There was no sense of surprise when I read that Frito-Lay was releasing a Tapatio-flavored version of their Doritos chips, based on the popular hot sauce. (They're also rolling out Tapatio Fritos and Ruffles.) The R&D team at the Plano-based snack company is always tinkering with taste buds. A former employee of Frito-Lay told me, "The only flavor profile the food scientists at the chip company haven't been able to replicate is mole." Again, no surprise. Mole is one of those dishes best made by Mama. It's like meatloaf. It's like red sauce. It's like fried chicken. Unfortunately, Alexia Allina, a spokesperson for Frito-Lay, was unable to corroborate that information. "We don't typically talk about flavors that haven't been fully developed."
What she did say was that the Tapatio flavor's genesis was kick-started because Frito-Lay wanted to offer customers something they were familiar with. "In the West and central parts of the United States, people are always looking for spicier food. They were already acquainted with Tapatio, putting the hot sauce on our chips. We combined the two ingredients."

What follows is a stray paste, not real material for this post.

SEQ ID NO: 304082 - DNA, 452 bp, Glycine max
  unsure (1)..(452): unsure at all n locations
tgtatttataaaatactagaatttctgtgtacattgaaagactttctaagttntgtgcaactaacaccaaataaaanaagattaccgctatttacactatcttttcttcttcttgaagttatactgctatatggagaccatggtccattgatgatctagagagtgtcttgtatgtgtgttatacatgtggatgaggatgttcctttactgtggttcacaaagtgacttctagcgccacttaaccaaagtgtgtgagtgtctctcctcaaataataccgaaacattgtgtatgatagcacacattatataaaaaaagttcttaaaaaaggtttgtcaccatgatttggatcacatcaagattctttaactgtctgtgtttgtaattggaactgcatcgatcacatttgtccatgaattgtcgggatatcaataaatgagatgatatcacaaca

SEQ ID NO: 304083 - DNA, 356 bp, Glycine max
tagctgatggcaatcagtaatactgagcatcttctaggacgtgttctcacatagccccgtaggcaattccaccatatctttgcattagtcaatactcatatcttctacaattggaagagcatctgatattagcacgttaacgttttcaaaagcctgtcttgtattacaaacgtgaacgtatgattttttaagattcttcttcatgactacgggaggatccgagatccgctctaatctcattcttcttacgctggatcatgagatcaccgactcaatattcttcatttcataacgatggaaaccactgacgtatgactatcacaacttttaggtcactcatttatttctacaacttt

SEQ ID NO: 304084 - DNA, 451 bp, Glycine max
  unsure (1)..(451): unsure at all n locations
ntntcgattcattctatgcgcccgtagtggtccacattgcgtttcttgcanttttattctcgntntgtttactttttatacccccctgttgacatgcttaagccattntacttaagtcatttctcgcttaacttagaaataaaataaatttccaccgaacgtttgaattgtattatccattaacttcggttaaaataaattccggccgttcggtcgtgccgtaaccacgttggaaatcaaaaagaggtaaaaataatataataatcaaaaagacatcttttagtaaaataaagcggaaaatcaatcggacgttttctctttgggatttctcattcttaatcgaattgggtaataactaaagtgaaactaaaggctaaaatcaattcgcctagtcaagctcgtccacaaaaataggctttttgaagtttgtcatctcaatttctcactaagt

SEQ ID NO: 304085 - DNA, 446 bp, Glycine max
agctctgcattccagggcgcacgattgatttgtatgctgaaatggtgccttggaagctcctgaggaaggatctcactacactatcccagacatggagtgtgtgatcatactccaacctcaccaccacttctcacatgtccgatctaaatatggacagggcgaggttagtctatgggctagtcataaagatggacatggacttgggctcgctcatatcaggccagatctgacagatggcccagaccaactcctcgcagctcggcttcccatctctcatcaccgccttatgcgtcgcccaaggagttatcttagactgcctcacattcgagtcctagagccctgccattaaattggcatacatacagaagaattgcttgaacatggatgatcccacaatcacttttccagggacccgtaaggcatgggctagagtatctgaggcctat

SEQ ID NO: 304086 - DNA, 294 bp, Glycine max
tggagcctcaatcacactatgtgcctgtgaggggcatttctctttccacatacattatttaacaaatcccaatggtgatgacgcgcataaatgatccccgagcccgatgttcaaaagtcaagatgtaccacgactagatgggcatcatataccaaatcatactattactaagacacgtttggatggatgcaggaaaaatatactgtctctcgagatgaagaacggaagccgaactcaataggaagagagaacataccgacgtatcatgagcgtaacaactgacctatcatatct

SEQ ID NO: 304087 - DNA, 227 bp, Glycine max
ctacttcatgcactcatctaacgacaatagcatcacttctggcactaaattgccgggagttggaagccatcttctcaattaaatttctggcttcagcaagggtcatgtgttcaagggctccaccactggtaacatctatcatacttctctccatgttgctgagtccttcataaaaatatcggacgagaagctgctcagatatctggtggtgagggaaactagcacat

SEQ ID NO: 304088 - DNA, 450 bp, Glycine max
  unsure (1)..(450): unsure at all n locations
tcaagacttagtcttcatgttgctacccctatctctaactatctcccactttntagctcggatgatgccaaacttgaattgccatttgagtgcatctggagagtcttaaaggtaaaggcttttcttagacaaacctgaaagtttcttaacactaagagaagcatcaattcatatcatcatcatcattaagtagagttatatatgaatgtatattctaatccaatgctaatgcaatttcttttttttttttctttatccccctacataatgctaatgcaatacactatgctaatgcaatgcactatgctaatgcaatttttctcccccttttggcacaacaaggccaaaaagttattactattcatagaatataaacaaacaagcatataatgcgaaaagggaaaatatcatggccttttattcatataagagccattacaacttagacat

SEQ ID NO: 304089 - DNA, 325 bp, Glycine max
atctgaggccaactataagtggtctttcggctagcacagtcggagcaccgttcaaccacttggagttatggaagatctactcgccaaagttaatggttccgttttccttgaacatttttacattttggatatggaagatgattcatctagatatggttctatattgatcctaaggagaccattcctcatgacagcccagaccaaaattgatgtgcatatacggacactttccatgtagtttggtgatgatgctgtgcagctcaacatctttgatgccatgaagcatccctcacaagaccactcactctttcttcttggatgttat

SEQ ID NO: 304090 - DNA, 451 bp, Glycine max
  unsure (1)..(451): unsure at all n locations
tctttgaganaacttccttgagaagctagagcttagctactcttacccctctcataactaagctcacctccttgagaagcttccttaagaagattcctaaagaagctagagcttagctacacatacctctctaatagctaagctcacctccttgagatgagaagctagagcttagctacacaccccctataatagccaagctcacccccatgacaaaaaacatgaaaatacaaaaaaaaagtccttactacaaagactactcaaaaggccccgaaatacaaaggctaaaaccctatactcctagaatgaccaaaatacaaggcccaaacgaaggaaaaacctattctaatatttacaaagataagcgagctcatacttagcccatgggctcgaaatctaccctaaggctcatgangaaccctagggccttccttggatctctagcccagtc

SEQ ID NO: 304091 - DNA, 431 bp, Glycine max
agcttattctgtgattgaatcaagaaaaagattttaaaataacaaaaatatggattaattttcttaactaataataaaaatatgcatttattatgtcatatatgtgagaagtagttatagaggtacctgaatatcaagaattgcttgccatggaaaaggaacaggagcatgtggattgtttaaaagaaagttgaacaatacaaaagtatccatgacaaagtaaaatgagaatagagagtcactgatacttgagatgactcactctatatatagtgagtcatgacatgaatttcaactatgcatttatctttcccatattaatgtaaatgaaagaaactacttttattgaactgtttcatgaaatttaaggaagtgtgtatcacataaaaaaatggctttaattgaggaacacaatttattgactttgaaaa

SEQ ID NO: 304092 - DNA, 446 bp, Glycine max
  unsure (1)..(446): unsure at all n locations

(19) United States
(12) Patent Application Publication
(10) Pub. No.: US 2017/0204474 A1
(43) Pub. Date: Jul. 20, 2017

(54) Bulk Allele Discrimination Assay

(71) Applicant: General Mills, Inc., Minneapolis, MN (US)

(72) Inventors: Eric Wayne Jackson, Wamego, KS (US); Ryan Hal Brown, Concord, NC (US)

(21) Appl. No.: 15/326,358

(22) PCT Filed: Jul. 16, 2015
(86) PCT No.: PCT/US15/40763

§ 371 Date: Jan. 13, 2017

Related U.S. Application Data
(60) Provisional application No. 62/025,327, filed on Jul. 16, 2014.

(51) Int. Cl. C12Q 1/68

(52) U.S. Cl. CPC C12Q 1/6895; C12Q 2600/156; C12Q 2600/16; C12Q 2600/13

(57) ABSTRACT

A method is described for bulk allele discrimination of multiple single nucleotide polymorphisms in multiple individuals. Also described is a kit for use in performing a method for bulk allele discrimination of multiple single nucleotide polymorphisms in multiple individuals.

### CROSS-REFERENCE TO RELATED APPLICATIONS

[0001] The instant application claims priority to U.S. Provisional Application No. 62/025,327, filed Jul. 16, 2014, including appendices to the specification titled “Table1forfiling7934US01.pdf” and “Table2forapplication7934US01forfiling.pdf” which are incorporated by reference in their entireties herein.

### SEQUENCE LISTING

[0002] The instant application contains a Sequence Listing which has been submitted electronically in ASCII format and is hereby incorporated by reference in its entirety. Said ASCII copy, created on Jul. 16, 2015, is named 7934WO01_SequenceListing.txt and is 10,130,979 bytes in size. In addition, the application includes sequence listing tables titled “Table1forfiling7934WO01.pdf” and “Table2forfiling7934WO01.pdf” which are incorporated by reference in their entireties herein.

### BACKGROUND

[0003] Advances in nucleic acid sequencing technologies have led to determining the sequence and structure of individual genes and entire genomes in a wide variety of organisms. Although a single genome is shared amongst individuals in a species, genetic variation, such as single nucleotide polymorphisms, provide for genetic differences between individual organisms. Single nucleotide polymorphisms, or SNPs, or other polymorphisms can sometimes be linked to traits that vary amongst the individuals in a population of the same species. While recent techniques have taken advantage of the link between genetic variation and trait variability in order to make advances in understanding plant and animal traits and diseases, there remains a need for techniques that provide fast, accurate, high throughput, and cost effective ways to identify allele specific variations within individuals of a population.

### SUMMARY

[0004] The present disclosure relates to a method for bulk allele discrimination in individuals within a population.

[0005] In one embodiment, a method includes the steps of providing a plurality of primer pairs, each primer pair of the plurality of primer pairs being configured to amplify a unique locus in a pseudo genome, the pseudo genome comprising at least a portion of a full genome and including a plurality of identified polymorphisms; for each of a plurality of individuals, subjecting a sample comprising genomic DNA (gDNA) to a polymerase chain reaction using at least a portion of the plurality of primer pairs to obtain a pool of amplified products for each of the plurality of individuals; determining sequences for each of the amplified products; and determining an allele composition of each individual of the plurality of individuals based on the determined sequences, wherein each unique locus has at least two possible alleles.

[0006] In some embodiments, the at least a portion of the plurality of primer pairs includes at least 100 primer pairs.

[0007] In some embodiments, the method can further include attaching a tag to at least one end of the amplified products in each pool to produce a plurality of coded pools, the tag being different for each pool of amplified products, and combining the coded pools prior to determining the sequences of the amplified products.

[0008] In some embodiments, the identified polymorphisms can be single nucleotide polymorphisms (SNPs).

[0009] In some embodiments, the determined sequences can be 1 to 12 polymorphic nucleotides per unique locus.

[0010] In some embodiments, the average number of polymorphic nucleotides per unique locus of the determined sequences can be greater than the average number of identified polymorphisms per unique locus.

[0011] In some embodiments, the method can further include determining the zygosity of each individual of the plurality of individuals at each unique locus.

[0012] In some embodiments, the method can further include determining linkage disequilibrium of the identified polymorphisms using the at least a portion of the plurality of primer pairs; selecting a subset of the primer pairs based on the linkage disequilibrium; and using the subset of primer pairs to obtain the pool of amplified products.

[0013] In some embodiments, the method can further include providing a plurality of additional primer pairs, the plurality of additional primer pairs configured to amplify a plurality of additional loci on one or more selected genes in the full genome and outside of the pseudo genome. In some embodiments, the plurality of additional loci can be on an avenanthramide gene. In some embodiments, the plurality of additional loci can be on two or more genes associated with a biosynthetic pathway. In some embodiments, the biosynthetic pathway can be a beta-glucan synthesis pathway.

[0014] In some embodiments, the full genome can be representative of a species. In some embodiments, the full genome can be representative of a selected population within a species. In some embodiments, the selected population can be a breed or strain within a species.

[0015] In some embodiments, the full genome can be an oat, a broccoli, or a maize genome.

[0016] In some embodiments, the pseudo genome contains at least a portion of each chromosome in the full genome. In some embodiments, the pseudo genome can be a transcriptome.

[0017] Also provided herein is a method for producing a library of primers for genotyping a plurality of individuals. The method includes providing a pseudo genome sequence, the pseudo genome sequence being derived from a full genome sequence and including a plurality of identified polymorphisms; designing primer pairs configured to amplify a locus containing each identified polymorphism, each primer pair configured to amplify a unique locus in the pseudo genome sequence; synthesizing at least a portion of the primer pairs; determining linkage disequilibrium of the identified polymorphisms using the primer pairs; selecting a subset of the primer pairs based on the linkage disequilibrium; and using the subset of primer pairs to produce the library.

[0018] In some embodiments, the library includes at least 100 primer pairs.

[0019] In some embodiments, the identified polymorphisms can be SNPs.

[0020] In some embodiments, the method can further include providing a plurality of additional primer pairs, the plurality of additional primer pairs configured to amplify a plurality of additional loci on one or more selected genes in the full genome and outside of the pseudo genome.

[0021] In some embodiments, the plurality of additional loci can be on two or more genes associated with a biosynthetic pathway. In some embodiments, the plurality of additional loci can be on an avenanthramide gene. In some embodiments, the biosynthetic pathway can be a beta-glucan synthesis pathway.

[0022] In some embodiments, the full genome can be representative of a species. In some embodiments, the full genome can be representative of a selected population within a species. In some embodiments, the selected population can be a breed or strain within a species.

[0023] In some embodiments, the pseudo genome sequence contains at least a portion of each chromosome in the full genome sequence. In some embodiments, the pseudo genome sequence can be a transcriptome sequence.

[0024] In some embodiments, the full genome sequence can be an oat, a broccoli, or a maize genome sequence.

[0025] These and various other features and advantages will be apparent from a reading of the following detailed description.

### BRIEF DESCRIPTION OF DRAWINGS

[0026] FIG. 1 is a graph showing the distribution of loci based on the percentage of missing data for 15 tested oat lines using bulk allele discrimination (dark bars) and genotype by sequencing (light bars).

And seeing how Tapatio Salsa Picante has had a constant presence in my fridge for more than decade -- one of the applications is on tortilla chips -- I jumped at the opportunity to eat some. Could they be any worse than the taco Doritos?
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The answer is no. The new offering is more like some lab worker took a bottle of the hot sauce, sliced its base and allowed the contents to drown a bag of Nacho Cheese Doritos. The taste was an excessive blast, unexpected and unwanted. What I was eating wasn't a novel form of the condiment I put on my eggs in the morning. It was gratuitous, heavy with fire and garlic.
That being said, they're not bad. They're just not very good. The Tapatio chips retain the slight cardboard finish characteristic of Doritos, something that would most likely work crunched to bits and used as a garnish to your Doritos taco shells.